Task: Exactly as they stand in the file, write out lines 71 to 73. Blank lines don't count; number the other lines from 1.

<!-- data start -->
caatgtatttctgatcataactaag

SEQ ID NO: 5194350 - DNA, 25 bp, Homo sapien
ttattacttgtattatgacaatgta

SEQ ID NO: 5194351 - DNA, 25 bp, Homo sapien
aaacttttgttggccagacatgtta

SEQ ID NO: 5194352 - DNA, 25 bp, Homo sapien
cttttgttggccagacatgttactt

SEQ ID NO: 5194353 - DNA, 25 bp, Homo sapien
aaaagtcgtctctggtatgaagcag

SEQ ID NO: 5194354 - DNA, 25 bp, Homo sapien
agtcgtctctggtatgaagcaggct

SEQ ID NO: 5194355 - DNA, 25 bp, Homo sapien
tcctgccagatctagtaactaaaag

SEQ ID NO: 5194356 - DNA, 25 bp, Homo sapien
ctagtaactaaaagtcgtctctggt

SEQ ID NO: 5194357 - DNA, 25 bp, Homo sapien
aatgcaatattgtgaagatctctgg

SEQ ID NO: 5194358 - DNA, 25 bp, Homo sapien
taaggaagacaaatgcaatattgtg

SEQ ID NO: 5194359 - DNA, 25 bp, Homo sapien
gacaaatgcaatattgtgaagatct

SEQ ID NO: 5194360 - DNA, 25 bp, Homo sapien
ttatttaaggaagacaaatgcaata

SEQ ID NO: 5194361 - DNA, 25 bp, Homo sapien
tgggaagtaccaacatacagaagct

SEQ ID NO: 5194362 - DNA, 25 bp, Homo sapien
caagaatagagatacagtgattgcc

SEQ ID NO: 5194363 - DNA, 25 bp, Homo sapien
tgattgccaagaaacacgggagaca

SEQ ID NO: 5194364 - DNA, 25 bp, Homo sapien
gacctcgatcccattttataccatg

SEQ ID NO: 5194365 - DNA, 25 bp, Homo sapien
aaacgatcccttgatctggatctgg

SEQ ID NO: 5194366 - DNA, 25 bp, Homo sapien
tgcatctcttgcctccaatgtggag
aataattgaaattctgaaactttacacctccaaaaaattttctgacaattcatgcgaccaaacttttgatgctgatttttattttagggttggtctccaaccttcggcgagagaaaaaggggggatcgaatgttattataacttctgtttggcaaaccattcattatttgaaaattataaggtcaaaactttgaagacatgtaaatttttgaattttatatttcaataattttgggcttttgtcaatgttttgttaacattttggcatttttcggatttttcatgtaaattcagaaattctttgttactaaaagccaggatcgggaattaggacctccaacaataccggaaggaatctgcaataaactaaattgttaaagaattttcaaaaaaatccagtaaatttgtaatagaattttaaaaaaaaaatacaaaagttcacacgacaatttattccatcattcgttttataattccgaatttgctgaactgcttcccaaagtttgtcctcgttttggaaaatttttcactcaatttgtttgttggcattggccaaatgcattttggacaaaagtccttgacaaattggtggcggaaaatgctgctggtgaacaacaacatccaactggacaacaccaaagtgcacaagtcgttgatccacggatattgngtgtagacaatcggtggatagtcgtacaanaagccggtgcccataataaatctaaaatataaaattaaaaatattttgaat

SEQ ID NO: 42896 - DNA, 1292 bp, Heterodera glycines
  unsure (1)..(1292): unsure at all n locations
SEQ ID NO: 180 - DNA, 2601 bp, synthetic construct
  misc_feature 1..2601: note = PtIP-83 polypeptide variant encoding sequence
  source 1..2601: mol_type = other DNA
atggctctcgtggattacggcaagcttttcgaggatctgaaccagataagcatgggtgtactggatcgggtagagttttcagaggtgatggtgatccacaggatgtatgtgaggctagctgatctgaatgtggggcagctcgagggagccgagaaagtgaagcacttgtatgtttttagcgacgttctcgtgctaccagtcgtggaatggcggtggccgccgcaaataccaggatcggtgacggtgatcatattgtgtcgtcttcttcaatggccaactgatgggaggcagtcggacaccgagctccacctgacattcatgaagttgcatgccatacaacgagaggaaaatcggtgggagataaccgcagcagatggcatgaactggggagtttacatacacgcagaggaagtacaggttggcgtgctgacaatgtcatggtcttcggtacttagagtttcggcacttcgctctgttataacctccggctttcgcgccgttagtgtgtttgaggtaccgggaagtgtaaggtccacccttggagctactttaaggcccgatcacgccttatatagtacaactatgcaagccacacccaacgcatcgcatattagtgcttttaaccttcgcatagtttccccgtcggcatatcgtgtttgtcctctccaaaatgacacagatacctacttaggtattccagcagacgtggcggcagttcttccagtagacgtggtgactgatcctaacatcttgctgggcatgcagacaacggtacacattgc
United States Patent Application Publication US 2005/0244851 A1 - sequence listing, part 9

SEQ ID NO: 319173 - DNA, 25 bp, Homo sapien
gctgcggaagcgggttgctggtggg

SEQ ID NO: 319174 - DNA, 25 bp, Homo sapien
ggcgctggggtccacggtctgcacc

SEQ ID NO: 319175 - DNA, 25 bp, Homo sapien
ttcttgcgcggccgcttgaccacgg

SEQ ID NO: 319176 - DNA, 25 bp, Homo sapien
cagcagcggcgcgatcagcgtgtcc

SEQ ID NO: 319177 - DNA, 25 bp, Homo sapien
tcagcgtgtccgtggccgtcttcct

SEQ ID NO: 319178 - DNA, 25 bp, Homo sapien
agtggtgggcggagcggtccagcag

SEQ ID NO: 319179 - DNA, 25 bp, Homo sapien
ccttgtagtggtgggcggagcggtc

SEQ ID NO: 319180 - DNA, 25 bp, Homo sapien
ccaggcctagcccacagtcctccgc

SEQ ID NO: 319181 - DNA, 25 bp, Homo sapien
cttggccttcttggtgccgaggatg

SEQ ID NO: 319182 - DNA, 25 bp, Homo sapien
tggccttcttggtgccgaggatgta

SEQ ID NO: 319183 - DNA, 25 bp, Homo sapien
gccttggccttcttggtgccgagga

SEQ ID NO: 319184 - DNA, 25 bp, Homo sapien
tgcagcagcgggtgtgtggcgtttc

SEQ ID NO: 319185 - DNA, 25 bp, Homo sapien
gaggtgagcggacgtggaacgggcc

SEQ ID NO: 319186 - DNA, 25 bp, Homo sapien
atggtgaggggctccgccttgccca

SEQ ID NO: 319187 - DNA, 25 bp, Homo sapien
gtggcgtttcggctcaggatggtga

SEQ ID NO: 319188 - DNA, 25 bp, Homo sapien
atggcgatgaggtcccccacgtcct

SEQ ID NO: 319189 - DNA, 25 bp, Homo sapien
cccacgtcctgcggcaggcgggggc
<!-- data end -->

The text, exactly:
atggtgaggggctccgccttgccca

SEQ ID NO: 319187 - DNA, 25 bp, Homo sapien
gtggcgtttcggctcaggatggtga